satisfied because we sold ihcm a scientific BUccess.
Write for the Federal Blue Book of Traffic.
South Vancouver Lumber Co.
Mill and Office :   Foot "f Ontario and Fraser Streets
Phone Eraser 94 W. R. Dick, Proprietor
Wanted���Good   building   Lots   in   vicinity  of   Knight   Road
at reasonable prices
Cor. Knight and Westminster Rds. '       Vancouver, B.C.
Phone : Fairmont 1653
Where T.R.II.  thc  Duke and   Duchess of Connaught and  Princess   Patricia
were entertained.
II. LARSON, Manager. p. XARSON, Proprietor
deration  625  feet. One hour's trip  from  Vancouver
Unequalled   Resort   for   Holiday,   long   or   short.       Family   Rooms
* en suite wilh special rnte.
Modern  appointments  throughout,  spacious  grounds,  high-class  service   at  mode ait
rates.    Easy  trail to top  of  Grouse   Mountain,   altitude  3,000  feet.
Now that the time of salads and green stuffs is here you will want
vinegar that is pure and wholesome. We have this week put in a
stock of the finest vinegar procurable. It comes in strong glass jugs
with a handle, in half gallons and gallons.
Blue Grass Hell Cedar Vinegar, half-gallon jugs 50c
Blue Grass Belle, White Pickling, half gallon jug   50c
Pacific Belle Codfish Tablets, the package 20c
Fisher's Home Made Peanut Butter, the jar  IS tl) 45c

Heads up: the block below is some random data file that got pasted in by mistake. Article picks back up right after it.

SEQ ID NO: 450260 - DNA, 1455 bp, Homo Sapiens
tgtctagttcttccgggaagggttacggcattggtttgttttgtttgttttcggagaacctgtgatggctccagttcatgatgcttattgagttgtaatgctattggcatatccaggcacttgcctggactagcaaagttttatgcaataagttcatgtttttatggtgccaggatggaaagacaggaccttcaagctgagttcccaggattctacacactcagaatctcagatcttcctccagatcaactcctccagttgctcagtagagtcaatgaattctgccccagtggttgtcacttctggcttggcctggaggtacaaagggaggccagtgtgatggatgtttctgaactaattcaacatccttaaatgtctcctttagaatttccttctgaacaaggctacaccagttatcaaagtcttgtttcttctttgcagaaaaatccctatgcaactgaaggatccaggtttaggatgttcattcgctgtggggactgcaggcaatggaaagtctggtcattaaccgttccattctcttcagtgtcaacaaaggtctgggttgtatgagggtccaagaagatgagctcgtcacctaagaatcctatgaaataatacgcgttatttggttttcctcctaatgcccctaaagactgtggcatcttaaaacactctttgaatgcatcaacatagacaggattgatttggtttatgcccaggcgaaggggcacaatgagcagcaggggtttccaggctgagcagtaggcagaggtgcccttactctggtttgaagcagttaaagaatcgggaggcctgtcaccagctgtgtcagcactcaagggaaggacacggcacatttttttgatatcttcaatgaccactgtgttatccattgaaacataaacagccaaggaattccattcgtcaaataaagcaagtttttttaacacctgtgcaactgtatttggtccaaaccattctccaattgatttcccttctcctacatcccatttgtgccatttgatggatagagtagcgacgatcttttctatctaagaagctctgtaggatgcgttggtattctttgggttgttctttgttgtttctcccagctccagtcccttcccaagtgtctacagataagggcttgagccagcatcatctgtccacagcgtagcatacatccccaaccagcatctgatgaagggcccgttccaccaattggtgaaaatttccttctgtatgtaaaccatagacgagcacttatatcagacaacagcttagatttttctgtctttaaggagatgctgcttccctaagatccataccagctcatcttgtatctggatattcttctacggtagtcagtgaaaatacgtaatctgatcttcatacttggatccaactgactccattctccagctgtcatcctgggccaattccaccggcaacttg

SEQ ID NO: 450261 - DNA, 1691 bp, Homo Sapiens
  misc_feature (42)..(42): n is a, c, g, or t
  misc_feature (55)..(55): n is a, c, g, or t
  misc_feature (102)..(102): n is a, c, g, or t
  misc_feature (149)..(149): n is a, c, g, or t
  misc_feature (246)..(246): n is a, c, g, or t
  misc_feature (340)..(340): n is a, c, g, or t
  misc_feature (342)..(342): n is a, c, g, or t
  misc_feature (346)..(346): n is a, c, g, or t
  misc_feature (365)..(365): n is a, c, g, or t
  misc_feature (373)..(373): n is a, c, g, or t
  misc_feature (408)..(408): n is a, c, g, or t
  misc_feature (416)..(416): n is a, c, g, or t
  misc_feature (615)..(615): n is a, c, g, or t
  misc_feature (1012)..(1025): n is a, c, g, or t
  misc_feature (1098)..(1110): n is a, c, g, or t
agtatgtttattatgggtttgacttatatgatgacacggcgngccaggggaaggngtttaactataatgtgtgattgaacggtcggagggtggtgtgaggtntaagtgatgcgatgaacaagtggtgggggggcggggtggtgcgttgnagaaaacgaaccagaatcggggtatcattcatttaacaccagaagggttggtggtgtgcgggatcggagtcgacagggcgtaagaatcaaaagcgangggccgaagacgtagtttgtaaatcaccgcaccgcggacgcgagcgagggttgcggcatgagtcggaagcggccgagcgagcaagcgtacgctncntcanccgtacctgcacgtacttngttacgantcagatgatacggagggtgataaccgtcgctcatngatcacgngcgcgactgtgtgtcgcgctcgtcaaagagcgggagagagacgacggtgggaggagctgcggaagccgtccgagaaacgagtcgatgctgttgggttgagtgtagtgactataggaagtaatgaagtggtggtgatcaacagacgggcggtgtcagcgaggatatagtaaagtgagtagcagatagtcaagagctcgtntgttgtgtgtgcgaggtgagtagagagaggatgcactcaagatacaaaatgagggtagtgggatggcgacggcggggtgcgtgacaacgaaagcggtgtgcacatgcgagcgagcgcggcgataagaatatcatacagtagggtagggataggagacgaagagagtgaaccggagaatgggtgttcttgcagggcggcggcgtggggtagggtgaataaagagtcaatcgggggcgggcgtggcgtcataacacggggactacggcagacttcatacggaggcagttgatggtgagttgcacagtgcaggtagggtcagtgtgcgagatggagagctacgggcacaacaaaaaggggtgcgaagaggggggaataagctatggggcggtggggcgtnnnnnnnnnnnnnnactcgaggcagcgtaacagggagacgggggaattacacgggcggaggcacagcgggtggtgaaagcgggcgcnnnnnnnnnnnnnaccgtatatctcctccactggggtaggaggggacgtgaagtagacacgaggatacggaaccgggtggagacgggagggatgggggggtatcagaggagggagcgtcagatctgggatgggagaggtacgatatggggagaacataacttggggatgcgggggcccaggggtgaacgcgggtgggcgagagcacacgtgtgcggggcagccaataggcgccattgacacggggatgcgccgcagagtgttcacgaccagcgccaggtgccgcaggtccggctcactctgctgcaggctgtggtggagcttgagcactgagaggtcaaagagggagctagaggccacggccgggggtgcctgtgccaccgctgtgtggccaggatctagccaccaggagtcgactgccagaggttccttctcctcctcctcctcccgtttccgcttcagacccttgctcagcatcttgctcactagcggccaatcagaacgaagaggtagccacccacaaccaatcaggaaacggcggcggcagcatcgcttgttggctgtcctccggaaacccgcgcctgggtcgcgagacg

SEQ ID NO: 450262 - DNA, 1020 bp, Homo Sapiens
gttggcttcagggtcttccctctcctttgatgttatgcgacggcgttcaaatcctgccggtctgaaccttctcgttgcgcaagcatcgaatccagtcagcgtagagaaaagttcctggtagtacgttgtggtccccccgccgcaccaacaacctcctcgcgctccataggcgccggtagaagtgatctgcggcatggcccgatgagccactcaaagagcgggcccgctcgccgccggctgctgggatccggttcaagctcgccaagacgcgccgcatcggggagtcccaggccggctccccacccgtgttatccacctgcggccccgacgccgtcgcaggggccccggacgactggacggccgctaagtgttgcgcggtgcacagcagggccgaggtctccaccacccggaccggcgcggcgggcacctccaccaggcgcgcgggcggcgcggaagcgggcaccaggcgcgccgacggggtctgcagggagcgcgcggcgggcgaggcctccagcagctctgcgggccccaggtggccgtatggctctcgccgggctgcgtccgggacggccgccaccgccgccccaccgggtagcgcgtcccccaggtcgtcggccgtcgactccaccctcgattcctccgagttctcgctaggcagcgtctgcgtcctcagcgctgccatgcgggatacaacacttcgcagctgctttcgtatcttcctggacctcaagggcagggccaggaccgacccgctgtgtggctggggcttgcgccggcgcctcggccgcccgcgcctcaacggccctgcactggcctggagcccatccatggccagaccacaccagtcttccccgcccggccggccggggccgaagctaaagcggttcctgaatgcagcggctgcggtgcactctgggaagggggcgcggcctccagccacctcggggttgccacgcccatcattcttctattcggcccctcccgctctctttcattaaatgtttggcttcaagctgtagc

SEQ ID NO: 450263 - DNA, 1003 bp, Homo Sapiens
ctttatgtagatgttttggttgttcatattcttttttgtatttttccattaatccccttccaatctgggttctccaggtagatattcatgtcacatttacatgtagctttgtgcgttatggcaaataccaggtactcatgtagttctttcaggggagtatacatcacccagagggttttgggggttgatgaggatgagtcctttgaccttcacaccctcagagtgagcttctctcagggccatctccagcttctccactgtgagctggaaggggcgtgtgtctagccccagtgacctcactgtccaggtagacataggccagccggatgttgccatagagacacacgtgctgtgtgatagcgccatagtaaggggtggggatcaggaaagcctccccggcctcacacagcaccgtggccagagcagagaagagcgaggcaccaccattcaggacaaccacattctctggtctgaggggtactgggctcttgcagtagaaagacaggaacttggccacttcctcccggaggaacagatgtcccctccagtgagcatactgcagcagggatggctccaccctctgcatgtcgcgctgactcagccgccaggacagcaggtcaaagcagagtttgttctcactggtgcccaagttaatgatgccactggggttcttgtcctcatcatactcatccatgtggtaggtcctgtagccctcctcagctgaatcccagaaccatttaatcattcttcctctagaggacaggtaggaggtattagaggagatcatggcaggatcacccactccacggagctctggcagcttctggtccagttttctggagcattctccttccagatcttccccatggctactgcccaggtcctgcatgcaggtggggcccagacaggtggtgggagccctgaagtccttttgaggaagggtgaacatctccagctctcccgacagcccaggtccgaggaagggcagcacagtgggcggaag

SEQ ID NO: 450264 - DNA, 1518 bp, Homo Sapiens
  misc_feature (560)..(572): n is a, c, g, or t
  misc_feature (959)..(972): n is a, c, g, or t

Pioneer Minced  Clams, the can    20<
Clark's Pork and Beans in Chili Sauce   two cans for   25.'
French  Peas, two cans for    25c
Swift's Borax Soap, thc cake   5c
Old Dutch Hand Soap, the bar   5c
Sheriff's Jelly Powder, all flavors, three for  .25c
Deuerr's Jams, two pound pots   40c
Strawberries, Cherries, Plums, Peaches
Fraser & MacLean,
26th Avenue and Main
Phone:   Fairmont 784
The Robertson-Godson Co. Ltd.
Wholesale Plumbers' Supplies, Water Works
Supplies. Corporation Brass Goods.
572 Beatty Street
*$&# THI5 ,s *��� 0t0 ONE RUT-
You Can Talk Over Our
Long Distance Lines
Three Minutes
From Fraser
To Steveston for 15 cents.
To Port Moody for 20 cents.
To Coquitlam and Ladner for 25 cents.
To Cloverdale, Hammond and Milner for 30 cents.
To Abbotsford and Mission for 40 cents.
To Chilliwack and Bellingham for 50 cents.
To Agassiz and Harrison Hot Springs for 55 cents.
British Columbia Telephone
Co. Ltd.
Above rates are subject  to change without notice.
Chick Food That Feeds
All c.ick foods do not contain all the elements necessary for good
health. Unless the proportions of the ingredients are correctly
determined, your chicks become sickly and mature slowly.
Is a scientifically prepared food containing all the elements of a
balanced ration.
The  Brackman-Ker  Milling  Co.
One Block South Pender St., near B. C  E. R. Freight Office
Phones 5886-5887-5888
How he Apologized
Al       llle        : llenl       leee.Ml
one   uf th * 'il;. i - was iu ��j hurrj
I'I. i ���    pa*-   en
ini-ie r,"   li' jag   ;,n   ele-
I   him.
Th.  latter sluwl)  fm u-- .', hie
 i". n the ipeakei
11     . "ii   tai '   mi   for  om   i I  thi
n in     ii ���. ���   peeling